“Seconds” she whispered to herself. “Pawn Shop and Second Hand dealer,” she looked from the rusty sign above the door of the shabby shop squashed between two tall concrete office buildings down at the creased old receipt in her hand.

It was squat building with two darkened and dusty display windows piled high with old furniture, stacks of forgotten books and yellowing lampshades. The sign on the small door said ‘Open’.

Analyn Kira was in her forties. She was tall, slim, with blue eyes and pale skin. She had platinum blonde hair, tied back into a bun. She loved to ski, sky dive and, oddly, knit. She wore a smart, pale gray pant suit with a white skivie, a black fitted woolen jacket and sensible shoes. She turned the handle on the old door and ventured inside.

The place was cluttered with old tables, chairs, paintings, vases and, in one corner, an old piano and double bass. Every spare inch was filled. There was a small counter at the back of the shop with a register and an open doorway from which a white fluorescent light emerged.
“Hello?” she went to the counter. The scent of dust and old newspaper was almost suffocating. “Anyone back there?”

“Give us a sec,” a man’s voice called out. “Just getting’ a cuppa,”
She nodded. A plump little man emerged with a delicate little porcelain cup of tea in hand. He wore a brown woolen cardigan, had a rather large paunch and a kind, friendly face. What little hair he had left was white and rimmed his round head sparsely. His eyes were puffy and he peered at her over round spectacles perched on his nose.
“Now, how can I help ya, my dear?” he said smiling
“I’m Analyn. We spoke earlier,”
“Ah!” his eyes lit up. “Of course! Good! Great! I’ve got it back here. A bit of a tale, this one,” he said as he turned around and shuffled back into the light filled room. “Ya know, I’ve been tellin’ everyone about this. Veeery interesting,” he called back to her. “Ah, here it is,” he came out holding a small box. “I remember your pa, believe it or not. Then again, of course I remember. It’s not every day somethin’ like this crosses this counter. Worth quite a bit, even in those days. Hmm, the ol’ days,” he paused and smiled to himself. He opened the little box and placed it on the counter.

She stared down at it, her hands suddenly sweaty. She picked it up. Her hands were shaking.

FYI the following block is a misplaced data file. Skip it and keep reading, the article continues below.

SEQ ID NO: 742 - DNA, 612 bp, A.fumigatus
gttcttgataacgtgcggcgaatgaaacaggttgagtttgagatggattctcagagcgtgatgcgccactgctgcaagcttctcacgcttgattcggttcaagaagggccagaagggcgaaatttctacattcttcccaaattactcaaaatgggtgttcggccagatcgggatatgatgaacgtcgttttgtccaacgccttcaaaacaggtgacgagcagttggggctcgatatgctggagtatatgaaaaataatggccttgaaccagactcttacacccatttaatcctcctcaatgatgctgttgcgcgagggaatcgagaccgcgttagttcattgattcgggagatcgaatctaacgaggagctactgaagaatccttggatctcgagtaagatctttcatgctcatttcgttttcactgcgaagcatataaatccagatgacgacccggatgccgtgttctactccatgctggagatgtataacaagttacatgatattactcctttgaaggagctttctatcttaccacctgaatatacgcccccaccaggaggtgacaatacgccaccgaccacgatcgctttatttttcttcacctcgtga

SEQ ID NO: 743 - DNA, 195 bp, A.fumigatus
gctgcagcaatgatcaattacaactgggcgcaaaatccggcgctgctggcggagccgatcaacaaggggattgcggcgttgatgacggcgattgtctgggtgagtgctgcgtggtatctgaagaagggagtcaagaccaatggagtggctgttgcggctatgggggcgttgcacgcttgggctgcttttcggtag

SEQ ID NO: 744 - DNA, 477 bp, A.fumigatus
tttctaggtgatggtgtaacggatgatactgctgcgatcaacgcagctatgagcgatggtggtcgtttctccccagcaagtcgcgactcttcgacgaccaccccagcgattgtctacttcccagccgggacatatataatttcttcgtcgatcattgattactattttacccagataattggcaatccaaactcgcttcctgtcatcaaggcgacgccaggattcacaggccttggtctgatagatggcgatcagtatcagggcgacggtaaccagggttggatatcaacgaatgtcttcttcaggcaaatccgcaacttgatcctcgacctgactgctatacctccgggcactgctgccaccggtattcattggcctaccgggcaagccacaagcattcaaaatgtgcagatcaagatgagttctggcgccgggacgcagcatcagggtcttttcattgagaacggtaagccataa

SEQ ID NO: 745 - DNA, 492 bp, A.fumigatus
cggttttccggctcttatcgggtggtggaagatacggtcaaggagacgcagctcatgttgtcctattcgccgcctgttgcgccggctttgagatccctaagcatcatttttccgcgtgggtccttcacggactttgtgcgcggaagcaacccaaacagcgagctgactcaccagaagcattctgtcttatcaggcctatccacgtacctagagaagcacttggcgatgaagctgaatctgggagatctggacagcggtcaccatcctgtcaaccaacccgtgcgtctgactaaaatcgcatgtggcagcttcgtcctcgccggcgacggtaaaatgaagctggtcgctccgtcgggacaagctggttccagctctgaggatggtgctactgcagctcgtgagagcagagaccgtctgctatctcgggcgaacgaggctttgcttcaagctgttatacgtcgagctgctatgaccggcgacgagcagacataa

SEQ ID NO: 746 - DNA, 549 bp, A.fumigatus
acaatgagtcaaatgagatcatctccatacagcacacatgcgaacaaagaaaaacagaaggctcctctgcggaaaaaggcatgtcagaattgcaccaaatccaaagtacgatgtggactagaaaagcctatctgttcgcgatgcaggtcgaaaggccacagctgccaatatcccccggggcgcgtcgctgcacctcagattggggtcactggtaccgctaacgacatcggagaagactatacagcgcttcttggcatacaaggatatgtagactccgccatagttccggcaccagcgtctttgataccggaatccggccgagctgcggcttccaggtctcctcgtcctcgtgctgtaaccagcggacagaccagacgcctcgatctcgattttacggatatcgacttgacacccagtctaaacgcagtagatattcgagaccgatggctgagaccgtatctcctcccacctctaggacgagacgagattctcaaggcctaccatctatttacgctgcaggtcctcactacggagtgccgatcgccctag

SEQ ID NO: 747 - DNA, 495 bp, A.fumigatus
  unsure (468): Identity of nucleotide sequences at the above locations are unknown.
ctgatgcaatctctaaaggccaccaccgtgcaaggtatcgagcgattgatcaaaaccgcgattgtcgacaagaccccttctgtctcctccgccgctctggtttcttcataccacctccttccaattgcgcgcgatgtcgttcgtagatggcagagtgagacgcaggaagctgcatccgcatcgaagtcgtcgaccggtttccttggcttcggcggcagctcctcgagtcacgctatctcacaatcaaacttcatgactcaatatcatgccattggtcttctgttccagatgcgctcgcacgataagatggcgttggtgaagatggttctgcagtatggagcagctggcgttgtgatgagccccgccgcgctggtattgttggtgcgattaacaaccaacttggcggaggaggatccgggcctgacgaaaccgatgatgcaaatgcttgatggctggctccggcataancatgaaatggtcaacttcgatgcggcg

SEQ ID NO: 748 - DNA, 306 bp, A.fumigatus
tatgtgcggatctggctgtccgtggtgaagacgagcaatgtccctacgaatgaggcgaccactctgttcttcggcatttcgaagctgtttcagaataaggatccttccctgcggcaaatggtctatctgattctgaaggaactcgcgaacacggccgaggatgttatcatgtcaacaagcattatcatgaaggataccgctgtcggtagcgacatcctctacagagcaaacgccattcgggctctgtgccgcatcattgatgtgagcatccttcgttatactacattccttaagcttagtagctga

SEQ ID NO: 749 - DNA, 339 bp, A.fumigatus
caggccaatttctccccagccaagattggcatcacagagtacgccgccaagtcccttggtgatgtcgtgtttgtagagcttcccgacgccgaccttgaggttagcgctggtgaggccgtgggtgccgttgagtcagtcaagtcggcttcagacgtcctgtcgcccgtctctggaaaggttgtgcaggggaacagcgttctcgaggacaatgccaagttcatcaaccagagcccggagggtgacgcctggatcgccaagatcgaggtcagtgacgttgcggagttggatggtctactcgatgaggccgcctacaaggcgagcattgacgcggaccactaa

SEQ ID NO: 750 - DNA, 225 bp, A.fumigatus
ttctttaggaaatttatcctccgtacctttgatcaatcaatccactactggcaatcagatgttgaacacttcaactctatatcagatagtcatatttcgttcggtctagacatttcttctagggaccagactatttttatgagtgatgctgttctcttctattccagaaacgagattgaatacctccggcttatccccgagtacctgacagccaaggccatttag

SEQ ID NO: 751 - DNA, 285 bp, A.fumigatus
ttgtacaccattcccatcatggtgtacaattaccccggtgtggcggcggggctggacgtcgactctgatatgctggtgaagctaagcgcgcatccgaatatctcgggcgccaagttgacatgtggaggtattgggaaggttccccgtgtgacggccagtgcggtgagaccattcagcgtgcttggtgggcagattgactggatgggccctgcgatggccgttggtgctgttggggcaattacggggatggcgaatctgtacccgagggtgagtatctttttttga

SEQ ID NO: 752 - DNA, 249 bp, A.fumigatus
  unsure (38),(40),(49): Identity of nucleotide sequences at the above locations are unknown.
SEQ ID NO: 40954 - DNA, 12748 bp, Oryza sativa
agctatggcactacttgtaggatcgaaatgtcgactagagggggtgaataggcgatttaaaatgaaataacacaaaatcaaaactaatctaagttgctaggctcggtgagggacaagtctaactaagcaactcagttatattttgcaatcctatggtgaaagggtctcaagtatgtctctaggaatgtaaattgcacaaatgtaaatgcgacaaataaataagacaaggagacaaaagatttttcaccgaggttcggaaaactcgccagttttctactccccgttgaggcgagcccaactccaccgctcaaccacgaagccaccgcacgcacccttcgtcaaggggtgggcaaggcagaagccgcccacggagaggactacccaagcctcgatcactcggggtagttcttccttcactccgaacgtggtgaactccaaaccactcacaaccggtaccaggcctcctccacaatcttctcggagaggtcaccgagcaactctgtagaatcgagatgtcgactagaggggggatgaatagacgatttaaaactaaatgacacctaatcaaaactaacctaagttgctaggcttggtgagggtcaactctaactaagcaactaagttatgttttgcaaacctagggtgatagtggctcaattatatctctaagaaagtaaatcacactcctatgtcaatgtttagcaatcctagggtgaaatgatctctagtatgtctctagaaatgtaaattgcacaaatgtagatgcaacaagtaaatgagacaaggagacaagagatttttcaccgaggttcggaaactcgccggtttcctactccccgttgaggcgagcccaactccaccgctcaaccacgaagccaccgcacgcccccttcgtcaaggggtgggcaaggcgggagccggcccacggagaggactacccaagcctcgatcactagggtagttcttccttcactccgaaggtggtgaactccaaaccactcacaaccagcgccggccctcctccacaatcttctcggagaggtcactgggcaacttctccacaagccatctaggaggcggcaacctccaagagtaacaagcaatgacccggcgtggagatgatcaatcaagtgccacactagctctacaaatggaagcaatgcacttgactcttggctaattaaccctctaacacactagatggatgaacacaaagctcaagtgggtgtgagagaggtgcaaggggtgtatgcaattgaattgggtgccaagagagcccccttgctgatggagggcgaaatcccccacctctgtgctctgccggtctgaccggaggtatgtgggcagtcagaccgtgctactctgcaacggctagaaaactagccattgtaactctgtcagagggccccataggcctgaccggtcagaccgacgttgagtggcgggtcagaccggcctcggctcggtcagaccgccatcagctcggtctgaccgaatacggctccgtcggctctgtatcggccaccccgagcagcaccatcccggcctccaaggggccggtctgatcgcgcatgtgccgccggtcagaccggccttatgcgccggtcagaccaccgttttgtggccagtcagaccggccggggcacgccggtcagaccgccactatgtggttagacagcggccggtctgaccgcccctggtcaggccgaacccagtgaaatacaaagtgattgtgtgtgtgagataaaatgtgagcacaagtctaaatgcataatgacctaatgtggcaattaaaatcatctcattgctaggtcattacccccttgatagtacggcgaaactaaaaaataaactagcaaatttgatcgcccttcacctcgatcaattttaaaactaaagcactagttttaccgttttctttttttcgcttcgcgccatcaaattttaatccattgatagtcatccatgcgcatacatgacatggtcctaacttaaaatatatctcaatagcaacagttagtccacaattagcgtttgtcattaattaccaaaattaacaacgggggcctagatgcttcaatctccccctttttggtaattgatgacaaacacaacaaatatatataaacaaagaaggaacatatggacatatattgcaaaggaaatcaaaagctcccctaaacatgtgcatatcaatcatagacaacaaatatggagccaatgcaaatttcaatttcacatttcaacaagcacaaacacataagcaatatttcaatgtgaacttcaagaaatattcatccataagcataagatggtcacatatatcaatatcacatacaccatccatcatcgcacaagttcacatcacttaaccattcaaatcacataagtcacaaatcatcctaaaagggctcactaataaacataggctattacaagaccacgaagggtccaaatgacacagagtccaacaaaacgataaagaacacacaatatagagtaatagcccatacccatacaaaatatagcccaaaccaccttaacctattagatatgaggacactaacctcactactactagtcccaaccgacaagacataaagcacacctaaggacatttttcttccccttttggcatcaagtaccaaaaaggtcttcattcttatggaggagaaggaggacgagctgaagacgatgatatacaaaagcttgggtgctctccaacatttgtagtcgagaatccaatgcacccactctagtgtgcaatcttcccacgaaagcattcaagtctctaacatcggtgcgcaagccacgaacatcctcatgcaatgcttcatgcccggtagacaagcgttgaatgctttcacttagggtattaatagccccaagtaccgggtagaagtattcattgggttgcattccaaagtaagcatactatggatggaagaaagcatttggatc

“Exquisite workmanship,” she whispered. It was more beautiful than she remembered, made from silver with mother of pear inset in a delicate symmetrical pattern of a flowering vine. It felt solid, warm, vibrant and almost alive in her hands. The silver surface was rich with glorious undertones that seemed to shimmer beneath the surface with a soul all its own. It had once belonged to her great great-grandfather.
“Getting’ a bit old now,” Joe said, then paused. “Normally, I’d be closed up for the day by now,” he added meaningfully.
“Ah, yes, of course. I should go,” she took out her cheque book, wrote one out and handed it to him. “Thank you so much,” she said.
“No, no. Thank you,” he said as she picked up the box and put it into her hand bag. “Oh, just one more thing, luv. Out of curiosity.”
“It’s Dr Kira now, I take it?”
She smiled. “Yes. Actually, it is. I’m a surgeon.”

Analyn made her way back to the hospital. University had been very expensive. Her parents had struggled but they had managed to fund it. She had never actually given any thought to where that money had come from. Not once.

She got back to the room. She drew in a deep breath and stepped in. It was quiet. The lights had been dimmed and there were more flowers – roses this time – by his bedside.

His face had a grayish cast to it. His cheeks were sunken and his eyes were closed.

She opened the box and took the pocket watch out.
“I ,” she began . What could she say? She wanted to tell him that he had inspired her, that he had shown her how to suck out every last experience, every last moment from life. She wanted to tell him that it wasn’t fair, that she missed him terribly and nothing would ever fill the void in the very centre of their family, no matter how much time passed by. She wanted to tell him that she would dearly miss their arguments, their walks and their late night chats about history, science, philosophy and why the sky was blue or why Neanderthal man had died out. She wanted to say so much.

She laid the pocket watch at the end of his bed and stood there in silence for a long, long while.
“Thank you,” she whispered. “For everything.”


Dona Tantirimudalige

Narre Warren South, Australia

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